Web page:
In addition to the easy application process and flexible repayment structure, further benefits include a tracking device and a service and maintenance plan to ensure driver-partners are able to keep their vehicle up and running in good working order.
(Watch video to see how the system works)
The credit risk score of the driver-partners is determined by the driver’s earnings, trips and behaviour patterns ensuring that each driver receives offers that are individually designed. Finance for the vehicles is provided by bank partners on the JUMO platform.
“The introduction of JUMO Drive builds on our philosophy of creating economic empowerment for Uber driver-partners. We are constantly seeking opportunities that will allow drivers to start their own business full time while improving their lives – we believe this partnership with JUMO will play a significant role in doing just that,” Justin Spratt, Head of Business, for Uber Middle East and Africa, explains.
“We are really excited to grow our partnership with Uber,” says JUMO Founder and CEO Andrew Watkins-Ball.
“JUMO Drive is another way that we are making it easy for small businesses to access great choices: in this case getting a real-time solution to owning your own vehicle financed by a leading bank. The vast majority of ride-sharing drivers globally don’t own their own vehicles. We are looking forward to rolling this out to many more markets.”
Other Uber services in Africa
Uber, which earlier this year, claimed around 1.3 million riders in sub-Saharan Africa alone, has also ventured into on-demand services with UberEats in Kenya.
Recently, the company rolled out a bus service in Egypt, aiming at staving off competition from Careem, which has also launched the same product in the country.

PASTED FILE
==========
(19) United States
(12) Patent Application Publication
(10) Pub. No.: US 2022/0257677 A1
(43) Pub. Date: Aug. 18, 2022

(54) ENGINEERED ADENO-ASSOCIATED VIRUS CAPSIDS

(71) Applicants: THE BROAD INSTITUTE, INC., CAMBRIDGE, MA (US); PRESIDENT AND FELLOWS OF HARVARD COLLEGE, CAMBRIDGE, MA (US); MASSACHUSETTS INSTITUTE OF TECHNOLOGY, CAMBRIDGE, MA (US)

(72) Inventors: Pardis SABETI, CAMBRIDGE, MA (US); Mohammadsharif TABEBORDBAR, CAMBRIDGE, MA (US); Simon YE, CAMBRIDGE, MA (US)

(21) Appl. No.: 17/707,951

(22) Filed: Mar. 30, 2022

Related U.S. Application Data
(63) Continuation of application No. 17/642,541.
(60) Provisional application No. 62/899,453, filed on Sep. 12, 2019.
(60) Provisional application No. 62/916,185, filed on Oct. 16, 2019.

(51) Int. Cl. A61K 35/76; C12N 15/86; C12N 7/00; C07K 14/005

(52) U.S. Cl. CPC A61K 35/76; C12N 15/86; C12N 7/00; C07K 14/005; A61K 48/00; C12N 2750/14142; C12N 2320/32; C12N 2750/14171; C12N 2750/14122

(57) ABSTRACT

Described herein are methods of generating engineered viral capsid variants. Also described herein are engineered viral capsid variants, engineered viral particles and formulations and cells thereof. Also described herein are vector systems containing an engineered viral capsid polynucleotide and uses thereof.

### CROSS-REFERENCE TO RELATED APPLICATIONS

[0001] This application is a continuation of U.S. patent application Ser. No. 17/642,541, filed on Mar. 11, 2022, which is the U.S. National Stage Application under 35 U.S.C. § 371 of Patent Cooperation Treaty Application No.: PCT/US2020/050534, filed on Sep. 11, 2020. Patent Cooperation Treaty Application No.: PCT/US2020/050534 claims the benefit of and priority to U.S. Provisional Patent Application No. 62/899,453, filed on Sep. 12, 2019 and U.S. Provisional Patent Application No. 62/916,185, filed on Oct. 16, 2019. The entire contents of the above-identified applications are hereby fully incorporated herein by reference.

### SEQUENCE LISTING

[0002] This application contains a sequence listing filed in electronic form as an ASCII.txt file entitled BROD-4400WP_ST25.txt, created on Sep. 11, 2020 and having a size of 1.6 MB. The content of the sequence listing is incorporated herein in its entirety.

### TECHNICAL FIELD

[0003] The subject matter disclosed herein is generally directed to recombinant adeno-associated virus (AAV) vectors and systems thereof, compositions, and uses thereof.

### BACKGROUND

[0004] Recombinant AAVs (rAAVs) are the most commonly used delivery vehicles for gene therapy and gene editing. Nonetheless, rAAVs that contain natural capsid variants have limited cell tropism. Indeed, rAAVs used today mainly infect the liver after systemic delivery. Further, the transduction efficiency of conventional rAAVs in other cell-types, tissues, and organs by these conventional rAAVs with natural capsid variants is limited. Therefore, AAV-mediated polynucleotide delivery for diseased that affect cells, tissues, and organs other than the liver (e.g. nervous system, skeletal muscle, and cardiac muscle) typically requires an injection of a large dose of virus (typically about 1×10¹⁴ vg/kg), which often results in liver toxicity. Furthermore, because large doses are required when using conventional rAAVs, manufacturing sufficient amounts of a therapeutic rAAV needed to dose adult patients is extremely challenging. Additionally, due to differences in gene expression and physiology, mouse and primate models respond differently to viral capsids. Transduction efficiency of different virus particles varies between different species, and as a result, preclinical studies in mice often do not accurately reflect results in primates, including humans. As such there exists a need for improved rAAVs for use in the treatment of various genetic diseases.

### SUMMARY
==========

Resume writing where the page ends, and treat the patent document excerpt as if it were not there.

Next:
The company’s chief executive Dara Khosrowshahi has said Uber will invest in a $100 million Egyptian customer support center. The ride-hailing service has also launched a simpler version of the app known as Uber Lite that works on Android phones and with low bandwidth.
Today, in South Africa, the company launched a 24/7 phone support for users across the continent’s second largest economy. Passengers and drivers will have a dedicated phone support line, staffed 24 hours a day, seven days a week.
The new 24/7 phone line for riders and drivers follows a number of significant changes that Uber has announced to better support users of the app including:
Partner Injury Protection – In the unfortunate event of an accident On-Trip, drivers and delivery-partners will be covered on the road.
Rider Injury Protection – Riders are covered in the unfortunate event of death or disability On-Trip. We extended the cover to now include a contribution towards loss or damage to your personal possessions.
Driving Hour Limits – a feature to prevent drowsy driving. This feature prompts drivers to go offline for six straight hours from the app after a total of 12 hours of driving time.
New Driver App – We stripped away all the complexity to create an entirely new experience designed to support drivers on every moment of their journey in ways that meet their needs.
Safety Toolkit – New innovative features which include Trusted Contacts (riders), Speed Alerts (driver), In-App Emergency Button (riders + drivers).